Murder Suspect Returned to Mental Hospital

Murder Suspect Returned to Mental Hospital

Just when it looked as if Ahmed Deria would finally stand trial for the December 2001 murder of his brother, it's back to the drawing board. In Deria's case, that means Central State Hospital for further mental evaluation.

Deria was scheduled for a jury trial on Monday, Jan. 12. Instead, five days before the proceedings were to begin, the issue of his competency arose again — as it has, ever since he was arrested — delaying his trial indefinitely.

The crime occurred five days before Christmas, on Dec. 20, 2001. The victim, Saeed Deria, 28, of Chantilly, was asleep in bed in his Rockland Village apartment, around 5 a.m., when he was viciously attacked. He died six hours later at Inova Fairfax Hospital from a single stab wound to his upper body.

NO MOTIVE has as yet been revealed, but his brother Ahmed, 30, of 6004 Burdon Court in the Kingstowne section of Franconia, was visiting him at the time. Fairfax County police initially charged Ahmed Deria with malicious wounding. But after Saeed died, the grand jury indicted Deria for murder.

However, things turned even dicier after Deria began behaving bizarrely in jail. He had visual and auditory hallucinations and refused to take medication or wear clothes. He was given a psychiatric examination and found incompetent.

In February 2002, the county transferred him to Cantral State Hospital where Dr. Eugene Gourley, a clinical psychologist, examined him. And during Deria's May 2002 competency hearing in Circuit Court, he said it's unknown whether Deria is retarded or simply lacks the education to understand what's happening to him.

He said Deria had difficulty reasoning and comprehending the court process — especially the concepts of a jury trial and the differences between the various pleas he could enter. The doctor also doubted that Deria would be able to understand the legal process enough to help his attorney.

SAID GOURLEY: "He seemed to understand what he was charged with, but didn't understand the seriousness of it or of the consequences." He said Deria's psychiatric and medical history appeared to be consistent with schizophrenia. And he noted that a childhood head trauma caused Deria problems with thinking and memory.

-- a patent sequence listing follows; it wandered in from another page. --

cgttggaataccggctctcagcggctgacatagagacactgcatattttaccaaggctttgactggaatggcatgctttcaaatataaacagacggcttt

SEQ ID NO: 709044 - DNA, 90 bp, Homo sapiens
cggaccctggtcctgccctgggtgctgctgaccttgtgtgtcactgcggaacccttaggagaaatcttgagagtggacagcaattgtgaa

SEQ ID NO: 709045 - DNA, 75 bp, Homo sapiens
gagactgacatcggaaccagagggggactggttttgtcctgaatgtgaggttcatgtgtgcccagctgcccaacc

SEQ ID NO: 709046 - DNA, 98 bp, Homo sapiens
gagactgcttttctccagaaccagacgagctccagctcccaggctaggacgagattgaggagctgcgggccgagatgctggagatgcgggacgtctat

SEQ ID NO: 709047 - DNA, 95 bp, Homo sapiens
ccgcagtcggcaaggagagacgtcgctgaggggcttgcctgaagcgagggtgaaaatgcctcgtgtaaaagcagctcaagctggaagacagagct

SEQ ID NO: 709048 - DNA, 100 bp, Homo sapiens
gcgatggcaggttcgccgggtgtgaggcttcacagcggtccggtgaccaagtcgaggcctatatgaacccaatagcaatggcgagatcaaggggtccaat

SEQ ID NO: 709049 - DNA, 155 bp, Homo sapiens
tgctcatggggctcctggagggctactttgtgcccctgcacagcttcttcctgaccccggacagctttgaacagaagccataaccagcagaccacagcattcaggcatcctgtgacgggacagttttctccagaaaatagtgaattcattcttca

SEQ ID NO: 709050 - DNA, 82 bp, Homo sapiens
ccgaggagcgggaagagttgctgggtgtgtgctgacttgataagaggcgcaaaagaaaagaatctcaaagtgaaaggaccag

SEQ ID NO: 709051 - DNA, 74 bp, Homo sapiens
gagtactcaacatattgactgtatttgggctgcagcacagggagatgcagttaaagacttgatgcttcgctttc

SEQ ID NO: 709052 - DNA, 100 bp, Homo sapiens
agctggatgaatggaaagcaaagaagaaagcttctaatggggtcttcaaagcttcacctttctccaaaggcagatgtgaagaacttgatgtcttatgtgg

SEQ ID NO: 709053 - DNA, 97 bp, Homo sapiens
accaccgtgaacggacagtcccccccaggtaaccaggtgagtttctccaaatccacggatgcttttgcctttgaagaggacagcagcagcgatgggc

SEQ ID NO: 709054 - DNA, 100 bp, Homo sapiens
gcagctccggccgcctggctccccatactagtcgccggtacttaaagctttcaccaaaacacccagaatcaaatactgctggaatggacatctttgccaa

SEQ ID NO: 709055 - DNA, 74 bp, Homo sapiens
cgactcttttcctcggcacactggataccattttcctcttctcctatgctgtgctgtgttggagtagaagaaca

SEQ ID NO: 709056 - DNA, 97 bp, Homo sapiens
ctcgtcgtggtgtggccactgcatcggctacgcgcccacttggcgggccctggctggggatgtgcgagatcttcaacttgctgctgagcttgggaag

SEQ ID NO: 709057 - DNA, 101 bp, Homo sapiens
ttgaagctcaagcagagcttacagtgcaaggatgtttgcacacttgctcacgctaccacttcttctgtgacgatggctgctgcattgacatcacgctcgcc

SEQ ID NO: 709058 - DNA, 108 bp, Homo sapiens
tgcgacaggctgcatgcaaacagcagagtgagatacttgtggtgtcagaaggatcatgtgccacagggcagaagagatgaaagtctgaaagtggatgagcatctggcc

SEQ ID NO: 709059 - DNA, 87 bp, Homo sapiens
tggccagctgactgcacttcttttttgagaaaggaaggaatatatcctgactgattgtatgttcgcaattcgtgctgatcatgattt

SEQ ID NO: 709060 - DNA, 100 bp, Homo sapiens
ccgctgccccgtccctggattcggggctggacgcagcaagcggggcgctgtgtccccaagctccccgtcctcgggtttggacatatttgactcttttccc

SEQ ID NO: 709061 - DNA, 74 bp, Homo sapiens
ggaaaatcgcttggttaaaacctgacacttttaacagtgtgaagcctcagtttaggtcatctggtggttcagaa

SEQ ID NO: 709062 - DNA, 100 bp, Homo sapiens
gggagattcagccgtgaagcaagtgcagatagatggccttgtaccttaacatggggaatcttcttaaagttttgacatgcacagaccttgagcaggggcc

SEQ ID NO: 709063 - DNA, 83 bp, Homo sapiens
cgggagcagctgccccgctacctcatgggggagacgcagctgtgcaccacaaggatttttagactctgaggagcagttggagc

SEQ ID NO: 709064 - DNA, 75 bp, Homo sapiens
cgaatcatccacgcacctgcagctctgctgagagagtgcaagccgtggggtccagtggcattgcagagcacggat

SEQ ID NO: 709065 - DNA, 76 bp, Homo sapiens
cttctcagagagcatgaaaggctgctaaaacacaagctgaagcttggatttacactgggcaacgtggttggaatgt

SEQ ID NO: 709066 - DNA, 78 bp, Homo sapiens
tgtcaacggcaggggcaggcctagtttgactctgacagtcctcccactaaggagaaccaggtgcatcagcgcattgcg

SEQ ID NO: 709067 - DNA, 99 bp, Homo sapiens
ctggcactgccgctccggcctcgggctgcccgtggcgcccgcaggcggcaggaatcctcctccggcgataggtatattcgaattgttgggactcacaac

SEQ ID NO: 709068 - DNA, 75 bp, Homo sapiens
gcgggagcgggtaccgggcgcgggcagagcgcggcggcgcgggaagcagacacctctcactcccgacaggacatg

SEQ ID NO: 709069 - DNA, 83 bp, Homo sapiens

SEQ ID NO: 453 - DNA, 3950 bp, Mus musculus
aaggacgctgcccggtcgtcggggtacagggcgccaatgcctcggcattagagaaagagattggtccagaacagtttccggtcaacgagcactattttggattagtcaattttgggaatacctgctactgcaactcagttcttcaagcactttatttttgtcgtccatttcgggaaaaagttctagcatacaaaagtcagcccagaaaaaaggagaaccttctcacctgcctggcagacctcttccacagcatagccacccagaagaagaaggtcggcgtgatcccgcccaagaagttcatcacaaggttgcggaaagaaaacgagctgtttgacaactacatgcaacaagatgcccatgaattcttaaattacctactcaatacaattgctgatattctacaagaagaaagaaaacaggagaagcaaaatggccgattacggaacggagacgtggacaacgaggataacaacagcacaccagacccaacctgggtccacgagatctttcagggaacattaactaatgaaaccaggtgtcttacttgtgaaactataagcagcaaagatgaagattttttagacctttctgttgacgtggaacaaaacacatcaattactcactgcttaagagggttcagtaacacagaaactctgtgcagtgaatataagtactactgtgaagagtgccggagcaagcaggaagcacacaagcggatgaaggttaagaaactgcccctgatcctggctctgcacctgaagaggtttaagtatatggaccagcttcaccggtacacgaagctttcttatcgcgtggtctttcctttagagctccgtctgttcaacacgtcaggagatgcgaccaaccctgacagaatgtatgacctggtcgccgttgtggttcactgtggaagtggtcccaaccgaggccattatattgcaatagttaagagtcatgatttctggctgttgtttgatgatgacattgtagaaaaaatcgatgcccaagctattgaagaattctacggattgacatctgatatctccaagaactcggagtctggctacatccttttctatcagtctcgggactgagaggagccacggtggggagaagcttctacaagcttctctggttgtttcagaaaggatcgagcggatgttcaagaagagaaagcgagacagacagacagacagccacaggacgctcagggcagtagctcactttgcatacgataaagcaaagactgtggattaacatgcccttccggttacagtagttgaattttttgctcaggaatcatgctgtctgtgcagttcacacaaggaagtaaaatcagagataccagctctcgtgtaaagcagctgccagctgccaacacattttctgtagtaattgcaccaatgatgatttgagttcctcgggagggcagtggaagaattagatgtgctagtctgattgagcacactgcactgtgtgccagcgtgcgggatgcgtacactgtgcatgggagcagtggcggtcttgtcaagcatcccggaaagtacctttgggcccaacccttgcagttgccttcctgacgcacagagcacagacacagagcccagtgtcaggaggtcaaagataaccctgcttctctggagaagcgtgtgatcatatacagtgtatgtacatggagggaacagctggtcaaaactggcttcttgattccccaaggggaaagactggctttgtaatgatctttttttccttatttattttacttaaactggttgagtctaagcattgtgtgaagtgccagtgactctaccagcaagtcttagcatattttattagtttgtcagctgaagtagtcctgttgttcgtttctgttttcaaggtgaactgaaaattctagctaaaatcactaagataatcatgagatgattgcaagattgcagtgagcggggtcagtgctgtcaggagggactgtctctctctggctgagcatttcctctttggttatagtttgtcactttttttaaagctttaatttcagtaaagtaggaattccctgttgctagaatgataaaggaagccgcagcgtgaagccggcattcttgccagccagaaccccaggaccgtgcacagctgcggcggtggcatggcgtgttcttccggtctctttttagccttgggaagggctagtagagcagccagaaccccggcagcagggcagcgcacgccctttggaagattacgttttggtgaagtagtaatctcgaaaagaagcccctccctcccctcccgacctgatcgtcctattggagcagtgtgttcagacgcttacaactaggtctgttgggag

Gourley also revealed that Deria had stabbed the same brother, a couple years ago, in California, but the doctor didn't know if he was punished for it legally. He stressed that Deria needs continued treatment and medication to keep from becoming violent and aggressive.

Judge Jonathan Thacher then ordered Deria sent to Central State Hospital for psychiatric treatment and assessment. In June, Gourley declared him competent to stand trial, and a trial was set for Jan. 12. But last Wednesday, Jan. 7, in Circuit Court, history repeated itself.

"The lawyer and another doctor raised the question of whether he'd slipped back into being not competent to understand the proceedings," explained Commonwealth's Attorney Robert F. Horan Jr., who's prosecuting the case. "In the past two weeks, his attorney, public defender Bradley Buster, has had trouble communicating with him."

As a result, Judge Stanley Klein returned Deria to Central State for further treatment and evaluation. No new trial date has been set. But, said Horan, "Whenever he's declared competent, he'll be put back onto the docket."